If you’re looking for the best rosin for viola, look no further! We’ve compiled a list of the top rosins on the market, perfect for giving your viola the perfect sound. We hope this review can help you make the best decision for your needs.
The Best Rosins for Viola
There’s nothing like the sound of a viola playing with the perfect rosin. But what is the best rosin for viola?
Many types of rosin are available on the market, so it can take time to decide which one to choose. Here is a list of the best viola rosins from the best brands. Pirastro, Thomastik-Infeld, and D’Addario are the best brands. It’s based on our experience and research.
- Pirastro Goldflex Rosin
- D’Addario Kaplan Premium Rosin
- The Original Bernardel Rosin
- Hidersine VP-036V
- Hill VP-02D Bow Rosin
- D’Addario Mini Rosin
Different Types of Rosin for Your Viola Bow
Different types of rosin are available for viola players, and each one offers its unique benefits. For example, some rosin’s design is to provide a smoother sound. Others may be better for producing a more powerful tone. Ultimately, it’s up to the player to experiment with different rosins to find the one that works best for them. The most popular brands of viola rosin include Pirastro, Thomastik-Infeld, and D’Addario.
There are three principal sorts of rosin. Dark, Amber, and Light Rosin. Dark Rosin is composed of a higher proportion of pine resin. Pine resin is sticky and difficult to remove. Amber rosin is the middle ground between dark and light rosin. This has a more pleasant smell. Light Rosin is composed of a higher proportion of beeswax and is the easiest to apply and remove.
What is Rosin and Why Is It Important?
Rosin is a sticky, brown substance used to coat the hair on your viola bow. It helps the bow grip the strings and produces a rich, full sound when you play. Rosin is made from the sap of pine trees. It has been used for centuries to help string instruments produce a beautiful sound.
Rosin is an essential part of your viola bow because it helps to create friction between the bow and the string. This friction is necessary to produce a sound when you play the viola. Without rosin, the bow would slip and slide across the string without producing sound. Rosin also helps to protect your bow hair from wear and tear.
How to Use a Rosin
Rosin is an integral part of playing the viola, and rosining your bow is a simple process that only takes a few minutes. You’ll need a piece of rosin and your viola bow. First, Tighten your bow. Rosining the bow with loose bow hairs can damage them.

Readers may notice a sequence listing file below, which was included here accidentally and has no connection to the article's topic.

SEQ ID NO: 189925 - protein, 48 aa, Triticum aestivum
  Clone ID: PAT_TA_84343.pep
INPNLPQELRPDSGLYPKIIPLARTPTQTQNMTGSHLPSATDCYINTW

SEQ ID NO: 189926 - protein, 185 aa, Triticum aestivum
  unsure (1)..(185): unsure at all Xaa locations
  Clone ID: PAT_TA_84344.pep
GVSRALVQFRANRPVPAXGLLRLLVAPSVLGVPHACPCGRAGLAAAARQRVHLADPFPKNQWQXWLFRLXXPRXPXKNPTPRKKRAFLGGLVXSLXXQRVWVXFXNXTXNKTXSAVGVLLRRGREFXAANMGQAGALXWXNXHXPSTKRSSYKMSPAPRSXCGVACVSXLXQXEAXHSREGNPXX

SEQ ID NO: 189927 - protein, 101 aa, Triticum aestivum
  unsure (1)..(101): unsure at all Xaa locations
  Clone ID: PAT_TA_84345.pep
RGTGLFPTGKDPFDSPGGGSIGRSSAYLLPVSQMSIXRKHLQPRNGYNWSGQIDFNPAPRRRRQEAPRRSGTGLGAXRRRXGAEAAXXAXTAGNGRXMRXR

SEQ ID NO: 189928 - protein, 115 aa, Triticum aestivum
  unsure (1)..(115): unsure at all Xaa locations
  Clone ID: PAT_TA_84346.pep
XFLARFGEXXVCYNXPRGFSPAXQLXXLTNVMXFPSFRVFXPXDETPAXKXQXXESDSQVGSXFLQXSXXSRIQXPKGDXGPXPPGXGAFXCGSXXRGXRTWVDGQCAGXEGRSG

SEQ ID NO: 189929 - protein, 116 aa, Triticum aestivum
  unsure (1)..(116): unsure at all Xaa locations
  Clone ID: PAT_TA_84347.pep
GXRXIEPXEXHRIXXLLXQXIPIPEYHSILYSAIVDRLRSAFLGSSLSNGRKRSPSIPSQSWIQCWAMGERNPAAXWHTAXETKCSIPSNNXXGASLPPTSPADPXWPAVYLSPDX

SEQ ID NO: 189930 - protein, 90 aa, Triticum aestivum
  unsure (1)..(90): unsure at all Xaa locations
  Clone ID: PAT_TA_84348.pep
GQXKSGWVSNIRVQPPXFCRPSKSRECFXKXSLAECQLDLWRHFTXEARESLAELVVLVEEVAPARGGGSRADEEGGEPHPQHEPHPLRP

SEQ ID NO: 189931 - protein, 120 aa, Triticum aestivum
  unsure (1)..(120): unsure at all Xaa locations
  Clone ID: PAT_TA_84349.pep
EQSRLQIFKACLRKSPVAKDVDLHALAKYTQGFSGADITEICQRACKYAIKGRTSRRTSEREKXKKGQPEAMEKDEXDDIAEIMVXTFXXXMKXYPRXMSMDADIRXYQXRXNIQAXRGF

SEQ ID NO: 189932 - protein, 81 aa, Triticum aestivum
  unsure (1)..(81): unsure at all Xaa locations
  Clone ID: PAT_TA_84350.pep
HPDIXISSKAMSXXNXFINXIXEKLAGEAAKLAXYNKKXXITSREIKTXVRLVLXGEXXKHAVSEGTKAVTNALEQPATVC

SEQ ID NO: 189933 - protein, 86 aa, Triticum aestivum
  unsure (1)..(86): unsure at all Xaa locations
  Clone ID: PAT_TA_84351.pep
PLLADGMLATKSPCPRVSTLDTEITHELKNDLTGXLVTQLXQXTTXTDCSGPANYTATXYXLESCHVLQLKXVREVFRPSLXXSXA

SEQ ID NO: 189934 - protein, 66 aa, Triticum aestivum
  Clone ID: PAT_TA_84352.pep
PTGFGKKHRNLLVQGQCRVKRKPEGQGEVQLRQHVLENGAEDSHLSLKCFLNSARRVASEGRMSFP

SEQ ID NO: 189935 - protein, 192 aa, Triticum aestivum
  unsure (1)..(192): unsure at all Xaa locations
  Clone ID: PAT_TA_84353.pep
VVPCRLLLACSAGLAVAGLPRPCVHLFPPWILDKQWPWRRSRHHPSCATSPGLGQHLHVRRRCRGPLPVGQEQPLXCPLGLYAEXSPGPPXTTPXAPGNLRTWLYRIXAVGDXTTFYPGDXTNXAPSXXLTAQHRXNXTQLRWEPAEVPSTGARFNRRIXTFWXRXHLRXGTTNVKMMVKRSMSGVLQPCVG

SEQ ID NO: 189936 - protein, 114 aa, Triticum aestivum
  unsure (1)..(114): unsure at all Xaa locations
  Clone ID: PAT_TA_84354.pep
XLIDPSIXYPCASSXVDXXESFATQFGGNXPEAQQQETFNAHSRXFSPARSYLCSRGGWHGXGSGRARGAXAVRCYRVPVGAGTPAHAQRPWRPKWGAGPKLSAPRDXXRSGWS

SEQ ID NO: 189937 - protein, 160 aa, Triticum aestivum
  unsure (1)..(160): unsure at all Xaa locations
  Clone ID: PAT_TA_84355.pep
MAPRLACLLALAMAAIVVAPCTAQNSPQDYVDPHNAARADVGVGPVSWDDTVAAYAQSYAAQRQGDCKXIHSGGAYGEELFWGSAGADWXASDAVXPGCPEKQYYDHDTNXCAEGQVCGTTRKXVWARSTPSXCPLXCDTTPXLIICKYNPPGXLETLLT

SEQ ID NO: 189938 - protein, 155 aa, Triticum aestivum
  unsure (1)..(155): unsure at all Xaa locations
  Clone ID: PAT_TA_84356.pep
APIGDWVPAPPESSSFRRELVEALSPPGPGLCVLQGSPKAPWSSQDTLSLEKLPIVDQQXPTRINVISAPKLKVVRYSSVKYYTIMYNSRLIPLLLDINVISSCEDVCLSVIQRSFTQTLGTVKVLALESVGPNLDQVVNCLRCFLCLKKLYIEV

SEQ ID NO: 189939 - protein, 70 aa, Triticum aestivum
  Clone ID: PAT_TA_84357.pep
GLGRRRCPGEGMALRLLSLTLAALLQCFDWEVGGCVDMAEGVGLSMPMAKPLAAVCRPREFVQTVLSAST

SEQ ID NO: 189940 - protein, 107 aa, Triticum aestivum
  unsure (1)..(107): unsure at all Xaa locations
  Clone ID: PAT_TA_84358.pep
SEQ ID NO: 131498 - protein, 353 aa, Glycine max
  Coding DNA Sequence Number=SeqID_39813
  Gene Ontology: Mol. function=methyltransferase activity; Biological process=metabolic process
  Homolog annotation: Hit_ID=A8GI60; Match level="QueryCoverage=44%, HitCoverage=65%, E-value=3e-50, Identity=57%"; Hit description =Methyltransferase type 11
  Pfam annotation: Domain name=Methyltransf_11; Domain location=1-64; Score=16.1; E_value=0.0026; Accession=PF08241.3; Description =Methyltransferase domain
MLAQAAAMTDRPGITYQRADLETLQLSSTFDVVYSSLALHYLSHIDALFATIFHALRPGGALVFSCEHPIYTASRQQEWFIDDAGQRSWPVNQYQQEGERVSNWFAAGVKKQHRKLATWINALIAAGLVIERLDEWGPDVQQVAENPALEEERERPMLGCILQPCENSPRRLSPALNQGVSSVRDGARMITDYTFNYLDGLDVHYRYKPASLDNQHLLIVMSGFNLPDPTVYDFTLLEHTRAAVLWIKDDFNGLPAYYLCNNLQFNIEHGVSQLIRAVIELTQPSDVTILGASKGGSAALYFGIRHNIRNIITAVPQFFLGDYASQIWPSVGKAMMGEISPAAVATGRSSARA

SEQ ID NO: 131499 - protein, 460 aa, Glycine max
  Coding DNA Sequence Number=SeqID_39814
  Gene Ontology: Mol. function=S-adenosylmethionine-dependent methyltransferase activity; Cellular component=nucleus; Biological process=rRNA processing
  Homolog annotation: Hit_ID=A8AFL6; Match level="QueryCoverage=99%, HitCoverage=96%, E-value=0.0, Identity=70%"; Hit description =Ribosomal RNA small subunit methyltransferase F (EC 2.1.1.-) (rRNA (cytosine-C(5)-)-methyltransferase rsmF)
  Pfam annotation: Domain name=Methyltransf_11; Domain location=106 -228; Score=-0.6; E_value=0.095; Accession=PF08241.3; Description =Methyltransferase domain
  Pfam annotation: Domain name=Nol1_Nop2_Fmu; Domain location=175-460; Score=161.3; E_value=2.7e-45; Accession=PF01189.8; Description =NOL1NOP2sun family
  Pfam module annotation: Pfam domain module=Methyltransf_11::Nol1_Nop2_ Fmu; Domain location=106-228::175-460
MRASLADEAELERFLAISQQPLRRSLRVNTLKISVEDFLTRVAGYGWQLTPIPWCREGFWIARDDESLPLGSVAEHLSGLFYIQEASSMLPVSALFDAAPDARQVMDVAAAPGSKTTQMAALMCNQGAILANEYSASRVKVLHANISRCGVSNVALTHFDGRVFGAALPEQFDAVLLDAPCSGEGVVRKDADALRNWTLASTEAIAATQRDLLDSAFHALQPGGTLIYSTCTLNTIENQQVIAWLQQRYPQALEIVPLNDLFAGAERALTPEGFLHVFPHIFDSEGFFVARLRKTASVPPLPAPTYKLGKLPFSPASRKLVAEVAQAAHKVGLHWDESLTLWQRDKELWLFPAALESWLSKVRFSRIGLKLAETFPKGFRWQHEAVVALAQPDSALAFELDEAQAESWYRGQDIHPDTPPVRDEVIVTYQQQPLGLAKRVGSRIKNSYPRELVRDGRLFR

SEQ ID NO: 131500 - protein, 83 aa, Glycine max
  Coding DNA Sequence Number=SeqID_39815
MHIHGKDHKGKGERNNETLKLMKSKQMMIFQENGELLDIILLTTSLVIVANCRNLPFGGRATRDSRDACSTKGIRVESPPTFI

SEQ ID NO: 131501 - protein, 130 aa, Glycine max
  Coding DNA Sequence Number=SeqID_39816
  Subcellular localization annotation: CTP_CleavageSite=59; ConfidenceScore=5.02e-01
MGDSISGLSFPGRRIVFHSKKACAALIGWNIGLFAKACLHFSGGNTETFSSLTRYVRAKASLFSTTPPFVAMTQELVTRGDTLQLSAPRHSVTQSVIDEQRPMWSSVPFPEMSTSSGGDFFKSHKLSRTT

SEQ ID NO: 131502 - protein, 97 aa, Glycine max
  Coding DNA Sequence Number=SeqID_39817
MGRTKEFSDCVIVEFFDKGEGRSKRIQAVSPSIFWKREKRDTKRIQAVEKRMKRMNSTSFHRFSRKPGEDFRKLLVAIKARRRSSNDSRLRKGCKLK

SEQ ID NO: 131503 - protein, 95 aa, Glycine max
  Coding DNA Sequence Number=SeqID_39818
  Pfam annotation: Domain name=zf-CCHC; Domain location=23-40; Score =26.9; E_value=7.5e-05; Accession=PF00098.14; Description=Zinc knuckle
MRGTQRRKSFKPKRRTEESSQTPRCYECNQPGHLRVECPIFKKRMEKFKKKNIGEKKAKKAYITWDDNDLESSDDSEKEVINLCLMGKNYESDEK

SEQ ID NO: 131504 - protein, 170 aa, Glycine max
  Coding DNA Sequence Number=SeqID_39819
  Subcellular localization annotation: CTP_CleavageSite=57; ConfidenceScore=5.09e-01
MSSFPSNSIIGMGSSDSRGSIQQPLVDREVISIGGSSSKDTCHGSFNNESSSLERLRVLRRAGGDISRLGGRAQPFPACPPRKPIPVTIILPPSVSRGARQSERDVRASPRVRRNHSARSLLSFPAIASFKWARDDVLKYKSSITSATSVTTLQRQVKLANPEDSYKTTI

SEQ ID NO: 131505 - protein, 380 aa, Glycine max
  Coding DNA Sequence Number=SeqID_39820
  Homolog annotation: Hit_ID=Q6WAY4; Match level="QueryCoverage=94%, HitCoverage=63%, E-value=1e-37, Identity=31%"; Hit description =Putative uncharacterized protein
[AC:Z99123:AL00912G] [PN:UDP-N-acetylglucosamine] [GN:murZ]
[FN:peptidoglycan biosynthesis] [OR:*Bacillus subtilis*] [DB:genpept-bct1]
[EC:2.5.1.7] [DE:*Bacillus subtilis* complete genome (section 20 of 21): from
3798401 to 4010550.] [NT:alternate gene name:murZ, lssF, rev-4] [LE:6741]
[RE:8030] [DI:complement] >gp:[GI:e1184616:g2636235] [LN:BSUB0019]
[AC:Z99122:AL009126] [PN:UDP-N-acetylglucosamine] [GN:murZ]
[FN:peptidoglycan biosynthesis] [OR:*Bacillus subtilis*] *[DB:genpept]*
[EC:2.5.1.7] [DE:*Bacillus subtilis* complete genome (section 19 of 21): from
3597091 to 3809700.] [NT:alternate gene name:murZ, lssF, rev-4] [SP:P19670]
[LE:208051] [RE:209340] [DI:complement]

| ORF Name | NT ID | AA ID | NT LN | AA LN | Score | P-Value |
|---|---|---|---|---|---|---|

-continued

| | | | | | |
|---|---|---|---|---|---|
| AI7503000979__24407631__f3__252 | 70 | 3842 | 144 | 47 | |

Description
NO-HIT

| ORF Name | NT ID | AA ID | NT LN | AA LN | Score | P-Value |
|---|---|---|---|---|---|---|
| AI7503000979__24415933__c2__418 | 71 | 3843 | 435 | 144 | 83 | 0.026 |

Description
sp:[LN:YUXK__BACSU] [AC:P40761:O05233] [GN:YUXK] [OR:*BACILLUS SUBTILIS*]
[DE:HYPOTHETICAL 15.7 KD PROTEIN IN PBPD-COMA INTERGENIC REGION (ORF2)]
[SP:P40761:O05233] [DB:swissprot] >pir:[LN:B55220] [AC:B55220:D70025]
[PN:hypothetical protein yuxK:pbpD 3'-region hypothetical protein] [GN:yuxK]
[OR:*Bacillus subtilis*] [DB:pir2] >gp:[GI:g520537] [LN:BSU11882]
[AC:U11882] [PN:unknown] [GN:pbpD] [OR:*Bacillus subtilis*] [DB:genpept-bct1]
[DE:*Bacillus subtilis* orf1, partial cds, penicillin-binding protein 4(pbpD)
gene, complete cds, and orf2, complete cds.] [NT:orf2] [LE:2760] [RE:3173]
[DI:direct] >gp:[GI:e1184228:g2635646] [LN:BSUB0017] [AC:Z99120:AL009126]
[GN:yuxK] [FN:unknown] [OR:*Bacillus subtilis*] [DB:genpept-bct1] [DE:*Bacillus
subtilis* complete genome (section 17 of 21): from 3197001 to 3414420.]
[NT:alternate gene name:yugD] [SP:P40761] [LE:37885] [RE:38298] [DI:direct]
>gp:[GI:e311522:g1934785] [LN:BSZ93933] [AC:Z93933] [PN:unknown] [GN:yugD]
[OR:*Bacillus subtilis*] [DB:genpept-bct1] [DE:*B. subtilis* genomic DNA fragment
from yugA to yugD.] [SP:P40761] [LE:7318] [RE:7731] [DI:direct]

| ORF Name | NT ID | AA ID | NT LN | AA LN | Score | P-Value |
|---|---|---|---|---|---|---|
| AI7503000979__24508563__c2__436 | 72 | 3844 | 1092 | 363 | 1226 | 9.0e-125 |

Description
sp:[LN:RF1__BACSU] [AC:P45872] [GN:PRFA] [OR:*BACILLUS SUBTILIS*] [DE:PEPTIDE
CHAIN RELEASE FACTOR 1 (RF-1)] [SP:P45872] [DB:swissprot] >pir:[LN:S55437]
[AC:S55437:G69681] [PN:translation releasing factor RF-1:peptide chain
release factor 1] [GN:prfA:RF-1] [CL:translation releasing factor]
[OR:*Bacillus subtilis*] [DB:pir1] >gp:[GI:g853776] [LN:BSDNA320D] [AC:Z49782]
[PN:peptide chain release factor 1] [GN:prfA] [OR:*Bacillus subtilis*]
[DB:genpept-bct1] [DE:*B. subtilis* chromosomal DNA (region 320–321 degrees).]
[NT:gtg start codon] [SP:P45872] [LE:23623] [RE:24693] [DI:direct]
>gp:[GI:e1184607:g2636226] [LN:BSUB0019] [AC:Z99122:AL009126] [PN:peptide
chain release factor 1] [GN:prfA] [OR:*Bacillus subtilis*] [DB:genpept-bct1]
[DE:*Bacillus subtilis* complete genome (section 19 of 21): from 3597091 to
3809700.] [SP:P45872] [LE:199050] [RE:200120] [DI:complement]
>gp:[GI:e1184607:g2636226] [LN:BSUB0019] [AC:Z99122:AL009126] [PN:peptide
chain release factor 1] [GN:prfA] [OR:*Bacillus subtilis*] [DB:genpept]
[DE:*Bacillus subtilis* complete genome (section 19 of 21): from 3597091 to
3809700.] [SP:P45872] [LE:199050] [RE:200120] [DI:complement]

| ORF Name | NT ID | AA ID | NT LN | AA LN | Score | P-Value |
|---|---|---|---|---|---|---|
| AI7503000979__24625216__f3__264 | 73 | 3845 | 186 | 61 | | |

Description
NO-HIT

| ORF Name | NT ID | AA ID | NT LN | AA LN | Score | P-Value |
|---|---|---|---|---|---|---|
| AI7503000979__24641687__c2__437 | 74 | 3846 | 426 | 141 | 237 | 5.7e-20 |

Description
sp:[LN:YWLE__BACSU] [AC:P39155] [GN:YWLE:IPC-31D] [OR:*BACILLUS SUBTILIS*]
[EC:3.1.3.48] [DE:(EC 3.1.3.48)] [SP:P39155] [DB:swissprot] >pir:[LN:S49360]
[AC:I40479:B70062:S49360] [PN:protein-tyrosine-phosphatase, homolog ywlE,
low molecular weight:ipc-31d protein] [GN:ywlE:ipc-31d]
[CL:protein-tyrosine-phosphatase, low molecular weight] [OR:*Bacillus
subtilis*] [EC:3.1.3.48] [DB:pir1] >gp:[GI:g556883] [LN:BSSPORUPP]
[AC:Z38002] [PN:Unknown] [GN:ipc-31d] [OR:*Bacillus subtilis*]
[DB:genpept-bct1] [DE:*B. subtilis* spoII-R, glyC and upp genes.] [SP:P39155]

Start with your rosin cake at the base of the bow. Slowly and gently, pass the bow across the cake’s surface from the bottom of the bow hairs to the top. Bowing should be done relatively and consistently so that rosin is applied evenly. Wait to move too quickly because the friction generates heat and can solidify the rosin cake. Rotate the rosin cake, so the surface wears equally over time. Use a soft cloth to wipe excess rosin dust off your instrument after bowing. Use sparingly rosin, as this can cause the bow to slip.
A player should re-apply rosin every four to six playing hours, which equals about two times per week.
Tips for Getting the Most out of Your Rosin
A resin can be used for a long time. A resin block can last you longer than a year if you wish. It may break if dropped from the hands or hit hard. If it breaks, you can buy another one or you can fix it. To fix this, collect the broken pieces in a mold. You would need to heat the pieces of resin, which will turn into liquid. Once the resin cools, it will solidify again. Then you can use that solid piece of rosin again. This way, you can get the most out of rosin. If you’re looking for the best rosin for viola, look no further! We’ve compiled a list of the top rosins on the market, perfect for giving your viola the perfect sound. We hope this review can help you make the best decision for your needs.
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